Victoria West is a pleasant small Karoo town nestled between two high ridges and built alongside the seldom-flowing Brak River. Approaching the town from the south along the N12 highway there is almost no sign of the town ahead nestled behind a fold of hills and one comes upon the town suddenly as the road rounds a spur in the surrounding hills. Very little of the town is visible from the N12 highway and one has to turn off the highway onto the R63 towards Loxton and Carnarvon to experience what Victoria West has to offer.
Victoria West is sandwiched between two parallel hills and consequently the town is long and narrow with the main road in the town bisecting the valley almost equally. The town was established in 1843 and there are a number of beautiful Victorian buildings to be seen particularly in the upper village area in Church Street leading out of the town towards Loxton.
The cultural history museum developed in 1955 with a bequest of £8,000 by A.P. Olivier is housed in the Library building and features an interesting collection of stone-age implements and fossilised fish, all of which were collected in the district. One of the fossilised fish Atherstonia seeleyi on display, is approximately 250-million years old and lived in the area when most of the Karoo was a vast sub-tropical swamp. An interesting part of the exhibition includes the medals of Group Captain P.H. Hugo, known as “Dutch” Hugo by his fellow fighter pilots during the Battle of Britain in 1940. Hugo was born on the farm Pampoenpoort in the Victoria West district and was schooled in the town. Another interesting display is a three-metre long pig skin which bears the signatures of the first stockholders of the second oldest branch of Standard Bank in South Africa, which was opened in Victoria West in 1856.
The Apollo Theatre in Victoria West is the only surviving Art Deco Theatre in South Africa. The future of the theatre is uncertain although it is still used occasionally to entertain the local residents of the town as a cinema. The theatre has a red velvet curtain that is opened for film shows. The Apollo Theatre was built in 1928 by Andrew Aristides Bassil, a Greek immigrant who arrived in the town in 1923. In the 1950s it was renovated according to the then fashionable art deco style. It was declared a heritage site by the National Monuments Council.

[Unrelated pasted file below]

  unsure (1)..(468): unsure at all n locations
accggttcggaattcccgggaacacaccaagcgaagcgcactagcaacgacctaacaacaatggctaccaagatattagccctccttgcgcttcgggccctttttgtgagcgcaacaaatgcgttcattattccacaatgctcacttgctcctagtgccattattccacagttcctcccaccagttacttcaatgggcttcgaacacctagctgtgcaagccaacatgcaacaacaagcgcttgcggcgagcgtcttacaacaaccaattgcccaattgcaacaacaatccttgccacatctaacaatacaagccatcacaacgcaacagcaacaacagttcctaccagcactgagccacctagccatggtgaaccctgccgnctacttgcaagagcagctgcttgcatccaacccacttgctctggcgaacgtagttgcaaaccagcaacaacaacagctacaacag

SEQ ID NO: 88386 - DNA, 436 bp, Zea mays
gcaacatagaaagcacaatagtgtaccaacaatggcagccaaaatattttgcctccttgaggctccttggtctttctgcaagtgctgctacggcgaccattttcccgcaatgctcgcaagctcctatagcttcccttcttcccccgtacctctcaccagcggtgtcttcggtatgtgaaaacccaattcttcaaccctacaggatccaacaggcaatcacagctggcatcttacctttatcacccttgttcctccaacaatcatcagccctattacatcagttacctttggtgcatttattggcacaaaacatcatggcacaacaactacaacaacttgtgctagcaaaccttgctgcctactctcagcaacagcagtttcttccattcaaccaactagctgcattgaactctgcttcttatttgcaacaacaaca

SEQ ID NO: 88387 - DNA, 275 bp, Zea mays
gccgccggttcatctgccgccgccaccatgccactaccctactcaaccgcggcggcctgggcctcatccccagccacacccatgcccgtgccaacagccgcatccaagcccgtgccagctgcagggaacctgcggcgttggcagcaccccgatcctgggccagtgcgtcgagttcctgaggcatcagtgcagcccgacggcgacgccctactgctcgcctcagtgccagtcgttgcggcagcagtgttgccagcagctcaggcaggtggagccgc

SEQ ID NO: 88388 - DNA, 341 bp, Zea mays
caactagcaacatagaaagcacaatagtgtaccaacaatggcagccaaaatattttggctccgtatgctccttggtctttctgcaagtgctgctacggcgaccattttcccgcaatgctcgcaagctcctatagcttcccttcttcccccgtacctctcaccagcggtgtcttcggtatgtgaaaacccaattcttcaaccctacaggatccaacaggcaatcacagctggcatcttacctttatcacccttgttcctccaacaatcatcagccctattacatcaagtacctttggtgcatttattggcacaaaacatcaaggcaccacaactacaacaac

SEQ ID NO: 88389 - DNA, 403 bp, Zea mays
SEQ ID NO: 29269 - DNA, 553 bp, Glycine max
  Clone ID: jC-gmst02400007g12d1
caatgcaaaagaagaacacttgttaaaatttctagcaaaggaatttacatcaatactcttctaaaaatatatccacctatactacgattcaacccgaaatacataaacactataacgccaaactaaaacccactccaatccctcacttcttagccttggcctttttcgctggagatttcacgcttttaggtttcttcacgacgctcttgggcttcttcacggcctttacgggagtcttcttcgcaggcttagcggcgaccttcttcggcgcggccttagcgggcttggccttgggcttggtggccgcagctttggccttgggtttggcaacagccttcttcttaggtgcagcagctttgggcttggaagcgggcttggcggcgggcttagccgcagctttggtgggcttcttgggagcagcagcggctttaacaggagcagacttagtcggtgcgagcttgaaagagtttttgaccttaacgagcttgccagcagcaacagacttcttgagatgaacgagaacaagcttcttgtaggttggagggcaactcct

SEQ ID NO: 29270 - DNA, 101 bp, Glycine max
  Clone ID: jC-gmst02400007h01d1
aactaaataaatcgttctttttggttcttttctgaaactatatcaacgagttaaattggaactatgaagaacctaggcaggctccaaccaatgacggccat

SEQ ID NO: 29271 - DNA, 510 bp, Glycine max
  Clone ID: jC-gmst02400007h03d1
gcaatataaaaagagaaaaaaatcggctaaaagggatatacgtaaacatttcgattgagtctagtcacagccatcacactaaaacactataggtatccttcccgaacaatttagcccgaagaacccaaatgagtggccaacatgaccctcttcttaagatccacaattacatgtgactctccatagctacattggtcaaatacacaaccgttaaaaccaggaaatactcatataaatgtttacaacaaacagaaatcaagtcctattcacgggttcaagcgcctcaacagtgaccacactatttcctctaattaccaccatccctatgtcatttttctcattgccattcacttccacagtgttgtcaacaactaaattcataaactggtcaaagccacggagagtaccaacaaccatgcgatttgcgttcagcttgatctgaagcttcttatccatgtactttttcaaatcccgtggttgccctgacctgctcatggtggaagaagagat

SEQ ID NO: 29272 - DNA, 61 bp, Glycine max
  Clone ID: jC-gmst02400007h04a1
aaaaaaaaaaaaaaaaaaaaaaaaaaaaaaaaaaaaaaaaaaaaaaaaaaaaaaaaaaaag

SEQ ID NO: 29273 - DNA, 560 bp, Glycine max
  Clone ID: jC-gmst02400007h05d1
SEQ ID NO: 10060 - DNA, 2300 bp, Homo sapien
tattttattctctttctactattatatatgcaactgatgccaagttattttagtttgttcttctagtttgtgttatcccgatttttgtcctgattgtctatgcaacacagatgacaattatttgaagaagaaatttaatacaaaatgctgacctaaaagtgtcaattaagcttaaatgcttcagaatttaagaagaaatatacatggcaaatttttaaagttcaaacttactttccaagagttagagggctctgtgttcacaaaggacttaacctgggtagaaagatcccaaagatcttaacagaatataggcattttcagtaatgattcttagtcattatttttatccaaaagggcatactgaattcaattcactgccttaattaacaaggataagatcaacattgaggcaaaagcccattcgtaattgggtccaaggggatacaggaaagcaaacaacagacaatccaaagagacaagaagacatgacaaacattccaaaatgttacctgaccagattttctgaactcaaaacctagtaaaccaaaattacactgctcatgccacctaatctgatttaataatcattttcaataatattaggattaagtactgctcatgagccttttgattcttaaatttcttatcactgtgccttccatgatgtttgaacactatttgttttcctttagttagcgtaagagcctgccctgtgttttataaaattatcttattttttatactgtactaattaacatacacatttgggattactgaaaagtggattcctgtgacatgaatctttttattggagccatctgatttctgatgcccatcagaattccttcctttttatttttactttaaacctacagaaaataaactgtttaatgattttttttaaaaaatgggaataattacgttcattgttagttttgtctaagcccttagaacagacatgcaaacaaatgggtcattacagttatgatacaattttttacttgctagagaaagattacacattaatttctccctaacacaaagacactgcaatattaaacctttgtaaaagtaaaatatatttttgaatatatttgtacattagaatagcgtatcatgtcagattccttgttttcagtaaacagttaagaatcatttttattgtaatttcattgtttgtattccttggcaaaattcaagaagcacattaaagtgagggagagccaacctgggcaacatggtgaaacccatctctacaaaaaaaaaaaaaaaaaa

In common with many rural towns in South Africa one cannot help but notice that the name Victoria West is emblazoned prominently in whitewashed stones on the hillside above the town. The origins of this display was in fact one of South Africa’s earliest outdoor advertisements and originally read “J Easton – General Dealer – Victoria West.” The stones were placed surreptitiously on the hillside by Mr Easton and his son and then whitewashed overnight to reveal the full splendour of this first outdoor advertisement. Following objections by residents and other traders in Victoria West the Town Council ordered the removal of the first part of the advertisement leaving the “Victoria West” section as a memorial to Mr Easton’s covert commercial endeavours. James Easton died in 1948 at the age of ninety-two.
Victoria West is also the home of Springbok rugby legend Mannetjies Roux. He is the owner of the Victoria Trading Post and the Mannetjies Roux Museum, which is packed with interesting memorabilia from his days as one of South Africa’s greatest Springboks.
The Victoria West Nature Reserve on the outskirts of the town incorporates the Victoria West Dam and a number of antelope and other wildlife species endemic to the Karoo can be seen. The nature reserve is also an important breeding area for the endangered Riverine rabbit. The dam is a birding hotspot and there is an excellent viewing spot above the dam wall at the end of Church Street as the road climbs the end of the valley towards Loxton. The Moonlight Hill and Ribbok Plateau walking trails provides expansive views across the town and the Victoria West Dam.